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News & Media

Latest ITER Newsline

  • Neutral beam power | "Outside and beyond anything"

    In an empty plot on the ITER platform, preparatory works have started for the construction of two new buildings. From the outside, they will look like ordinary [...]

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  • Systems installation | Anticipation and flexibility

    It is a subterranean world of scaffolding and supports, piping and cables, concrete and embedded plates. To the untrained eye, the activity underway in the base [...]

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  • Image of the week | Keeping an eye on the hot (double) pancake

    An ITER ring-shaped coil begins its existence as cable-in-conduit conductor, wound into 'double pancakes' that are eventually stacked one upon the other to form [...]

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  • Cryostat thermal shield | A "strong back" for a fragile component

    The lower cylinder thermal shield is a large silver-plated component, circular in shape and five metres tall, which fits inside the depression in the cryostat b [...]

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  • Diagnostic shielding | B4C ceramic bricks prove their worth

    A number of materials can effectively shield diagnostic equipment from the neutron flux coming from the plasma. To find the best one, the diagnostics team at IT [...]

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Of Interest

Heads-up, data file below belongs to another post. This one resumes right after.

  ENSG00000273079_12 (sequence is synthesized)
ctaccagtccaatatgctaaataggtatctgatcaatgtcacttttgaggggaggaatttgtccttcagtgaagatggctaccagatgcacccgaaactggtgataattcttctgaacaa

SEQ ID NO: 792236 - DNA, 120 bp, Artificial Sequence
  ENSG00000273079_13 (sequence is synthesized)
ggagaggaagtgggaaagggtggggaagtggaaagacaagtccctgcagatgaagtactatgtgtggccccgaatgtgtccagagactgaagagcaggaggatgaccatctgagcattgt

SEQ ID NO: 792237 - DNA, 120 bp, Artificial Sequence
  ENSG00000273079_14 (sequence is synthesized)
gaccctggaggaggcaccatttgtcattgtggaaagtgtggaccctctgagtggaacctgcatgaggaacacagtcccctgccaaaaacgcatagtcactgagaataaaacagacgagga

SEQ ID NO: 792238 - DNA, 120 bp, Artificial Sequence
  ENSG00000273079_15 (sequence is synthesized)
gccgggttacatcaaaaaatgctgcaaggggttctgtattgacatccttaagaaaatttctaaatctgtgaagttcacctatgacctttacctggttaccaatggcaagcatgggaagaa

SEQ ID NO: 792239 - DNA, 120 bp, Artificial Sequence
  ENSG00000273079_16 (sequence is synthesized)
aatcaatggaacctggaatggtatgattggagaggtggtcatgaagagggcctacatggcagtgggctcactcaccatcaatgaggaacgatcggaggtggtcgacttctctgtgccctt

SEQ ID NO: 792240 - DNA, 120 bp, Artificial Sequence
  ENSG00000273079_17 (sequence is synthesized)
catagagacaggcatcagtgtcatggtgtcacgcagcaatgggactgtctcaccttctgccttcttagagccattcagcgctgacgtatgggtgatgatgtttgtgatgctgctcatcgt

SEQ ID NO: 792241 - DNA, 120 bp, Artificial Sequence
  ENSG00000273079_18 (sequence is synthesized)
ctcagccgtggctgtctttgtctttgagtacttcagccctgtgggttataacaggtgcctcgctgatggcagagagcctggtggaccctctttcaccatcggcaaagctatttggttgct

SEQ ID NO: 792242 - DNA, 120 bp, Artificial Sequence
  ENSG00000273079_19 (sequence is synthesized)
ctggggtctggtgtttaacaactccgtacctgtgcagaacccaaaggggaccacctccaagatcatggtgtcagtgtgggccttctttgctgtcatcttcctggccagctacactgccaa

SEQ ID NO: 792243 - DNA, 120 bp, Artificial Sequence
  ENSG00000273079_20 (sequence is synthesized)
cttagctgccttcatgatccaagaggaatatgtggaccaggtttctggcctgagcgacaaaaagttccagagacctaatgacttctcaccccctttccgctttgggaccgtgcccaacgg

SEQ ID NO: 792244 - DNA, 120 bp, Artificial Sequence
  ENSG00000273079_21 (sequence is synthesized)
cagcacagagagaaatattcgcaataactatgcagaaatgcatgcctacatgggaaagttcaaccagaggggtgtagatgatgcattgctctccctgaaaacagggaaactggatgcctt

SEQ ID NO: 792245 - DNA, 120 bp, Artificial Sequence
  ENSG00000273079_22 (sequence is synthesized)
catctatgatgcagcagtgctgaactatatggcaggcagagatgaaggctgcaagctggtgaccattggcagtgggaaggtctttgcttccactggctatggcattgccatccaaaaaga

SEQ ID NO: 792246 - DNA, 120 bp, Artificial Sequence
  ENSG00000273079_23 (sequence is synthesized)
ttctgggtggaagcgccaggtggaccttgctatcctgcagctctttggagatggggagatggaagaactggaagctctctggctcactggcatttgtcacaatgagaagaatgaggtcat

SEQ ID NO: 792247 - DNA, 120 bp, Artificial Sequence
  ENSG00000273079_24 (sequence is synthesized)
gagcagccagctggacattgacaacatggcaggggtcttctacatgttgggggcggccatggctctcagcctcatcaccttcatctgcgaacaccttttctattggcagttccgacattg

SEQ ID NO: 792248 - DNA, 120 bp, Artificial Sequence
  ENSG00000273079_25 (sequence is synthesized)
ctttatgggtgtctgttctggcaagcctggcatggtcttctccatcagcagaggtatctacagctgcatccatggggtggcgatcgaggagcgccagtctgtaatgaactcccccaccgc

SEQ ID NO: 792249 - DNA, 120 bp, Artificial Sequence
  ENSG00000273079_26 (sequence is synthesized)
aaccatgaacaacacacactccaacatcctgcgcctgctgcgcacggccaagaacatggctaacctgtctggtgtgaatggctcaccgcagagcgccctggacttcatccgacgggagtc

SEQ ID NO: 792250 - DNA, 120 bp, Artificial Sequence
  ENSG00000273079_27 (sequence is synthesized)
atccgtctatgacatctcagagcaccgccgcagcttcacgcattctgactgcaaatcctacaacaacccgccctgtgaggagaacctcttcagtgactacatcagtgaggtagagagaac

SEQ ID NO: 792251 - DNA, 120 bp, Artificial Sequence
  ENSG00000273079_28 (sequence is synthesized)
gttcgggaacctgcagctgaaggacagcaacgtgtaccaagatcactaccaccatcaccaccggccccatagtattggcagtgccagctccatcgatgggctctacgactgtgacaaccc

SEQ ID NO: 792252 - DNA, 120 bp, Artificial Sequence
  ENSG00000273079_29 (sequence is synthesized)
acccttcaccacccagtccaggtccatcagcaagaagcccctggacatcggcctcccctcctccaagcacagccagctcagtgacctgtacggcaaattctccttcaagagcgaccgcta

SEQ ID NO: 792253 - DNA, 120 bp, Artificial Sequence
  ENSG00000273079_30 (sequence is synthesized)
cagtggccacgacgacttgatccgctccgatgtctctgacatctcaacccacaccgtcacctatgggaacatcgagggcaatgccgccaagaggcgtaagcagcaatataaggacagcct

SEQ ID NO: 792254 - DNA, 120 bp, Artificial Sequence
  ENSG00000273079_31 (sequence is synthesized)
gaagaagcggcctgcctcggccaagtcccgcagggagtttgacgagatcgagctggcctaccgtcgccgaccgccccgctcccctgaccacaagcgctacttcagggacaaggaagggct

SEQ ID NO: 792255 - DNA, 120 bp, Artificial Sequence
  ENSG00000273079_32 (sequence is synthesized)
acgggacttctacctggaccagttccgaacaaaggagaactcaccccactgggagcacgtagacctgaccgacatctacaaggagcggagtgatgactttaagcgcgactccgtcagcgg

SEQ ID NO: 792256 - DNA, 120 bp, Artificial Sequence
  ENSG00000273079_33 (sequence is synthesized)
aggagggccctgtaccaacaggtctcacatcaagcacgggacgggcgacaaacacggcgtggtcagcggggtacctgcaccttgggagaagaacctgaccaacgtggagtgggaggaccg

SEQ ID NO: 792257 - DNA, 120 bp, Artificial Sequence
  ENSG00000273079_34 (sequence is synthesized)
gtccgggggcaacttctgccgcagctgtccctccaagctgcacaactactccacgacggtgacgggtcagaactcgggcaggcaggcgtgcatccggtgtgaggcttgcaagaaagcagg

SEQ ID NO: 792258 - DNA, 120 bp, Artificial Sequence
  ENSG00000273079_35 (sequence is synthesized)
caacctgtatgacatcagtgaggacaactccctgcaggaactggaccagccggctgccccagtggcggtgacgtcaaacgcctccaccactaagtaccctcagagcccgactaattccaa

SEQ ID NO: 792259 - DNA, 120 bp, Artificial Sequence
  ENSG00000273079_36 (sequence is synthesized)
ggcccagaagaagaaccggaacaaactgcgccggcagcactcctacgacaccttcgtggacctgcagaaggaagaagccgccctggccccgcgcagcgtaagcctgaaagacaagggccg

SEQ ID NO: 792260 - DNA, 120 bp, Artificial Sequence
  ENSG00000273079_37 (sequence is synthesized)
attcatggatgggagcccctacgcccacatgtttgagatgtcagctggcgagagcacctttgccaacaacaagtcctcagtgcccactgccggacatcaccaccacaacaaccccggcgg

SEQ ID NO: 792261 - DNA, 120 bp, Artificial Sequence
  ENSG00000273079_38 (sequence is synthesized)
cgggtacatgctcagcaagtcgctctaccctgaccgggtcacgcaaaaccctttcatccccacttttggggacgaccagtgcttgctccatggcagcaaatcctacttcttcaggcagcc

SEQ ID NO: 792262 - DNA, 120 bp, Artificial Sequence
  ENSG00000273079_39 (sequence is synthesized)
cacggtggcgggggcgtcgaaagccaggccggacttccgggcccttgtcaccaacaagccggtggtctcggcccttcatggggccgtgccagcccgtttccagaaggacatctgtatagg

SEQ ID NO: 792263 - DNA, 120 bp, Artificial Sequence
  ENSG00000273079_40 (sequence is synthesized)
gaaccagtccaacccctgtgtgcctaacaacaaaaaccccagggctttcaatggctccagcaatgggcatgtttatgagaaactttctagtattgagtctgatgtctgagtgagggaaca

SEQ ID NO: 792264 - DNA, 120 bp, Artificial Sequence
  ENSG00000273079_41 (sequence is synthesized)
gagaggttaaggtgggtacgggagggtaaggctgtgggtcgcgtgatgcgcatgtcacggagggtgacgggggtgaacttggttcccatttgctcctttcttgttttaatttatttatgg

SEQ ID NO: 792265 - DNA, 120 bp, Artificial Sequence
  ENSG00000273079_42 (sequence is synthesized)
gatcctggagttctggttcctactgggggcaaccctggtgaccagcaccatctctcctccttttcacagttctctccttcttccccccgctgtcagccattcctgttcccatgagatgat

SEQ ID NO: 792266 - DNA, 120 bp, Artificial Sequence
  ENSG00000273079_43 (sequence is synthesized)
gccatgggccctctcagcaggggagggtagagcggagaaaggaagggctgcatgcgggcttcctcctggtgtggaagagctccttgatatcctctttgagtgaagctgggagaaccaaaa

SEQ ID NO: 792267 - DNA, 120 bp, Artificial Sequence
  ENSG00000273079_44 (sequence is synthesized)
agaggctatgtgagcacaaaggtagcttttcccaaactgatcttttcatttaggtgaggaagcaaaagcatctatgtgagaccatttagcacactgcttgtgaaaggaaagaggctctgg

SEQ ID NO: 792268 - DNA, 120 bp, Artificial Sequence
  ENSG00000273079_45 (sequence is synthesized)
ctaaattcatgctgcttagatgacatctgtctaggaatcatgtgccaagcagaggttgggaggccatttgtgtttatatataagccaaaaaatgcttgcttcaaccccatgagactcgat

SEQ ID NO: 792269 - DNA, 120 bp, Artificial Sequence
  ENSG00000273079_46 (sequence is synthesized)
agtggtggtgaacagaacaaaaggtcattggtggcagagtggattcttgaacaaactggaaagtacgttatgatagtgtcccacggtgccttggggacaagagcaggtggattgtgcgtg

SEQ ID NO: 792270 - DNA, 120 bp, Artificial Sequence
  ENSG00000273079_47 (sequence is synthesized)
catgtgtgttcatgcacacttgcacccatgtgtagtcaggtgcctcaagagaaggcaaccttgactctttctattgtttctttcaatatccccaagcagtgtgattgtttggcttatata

See archived entries

Dressing the steel skeleton

Watching the progression of cladding on the Assembly Hall building is like seeing an architect's drawing become reality. The mirror-like stainless steel surfaces already cover close to one-third of the east facade of the edifice and the impression is, as the architect intended, one of cleanliness and precision.

 (Click to view larger version...)
The alternating surfaces of mirror-like stainless steel and grey-lacquered metal form the fourth and outermost layer of the "skin" that will eventually cover the Assembly Hall: first, a first layer of steel cladding is bolted to the steel skeleton of the building, next comes 130-millimetre-thick rock wool insulation; and this layer in turn is covered by a polypropylene membrane in order to insure air tightness. Once these three layers are in place, the long (15 m) and narrow (1 m) mirror-like and grey-lacquered panes can be installed.

 (Click to view larger version...)
All in all, some 14,000 m² of surface needs to be covered. When the work is done, we'll know if the building holds true to the architect's promise of reflecting the ever-changing shades of skylight and seasons.



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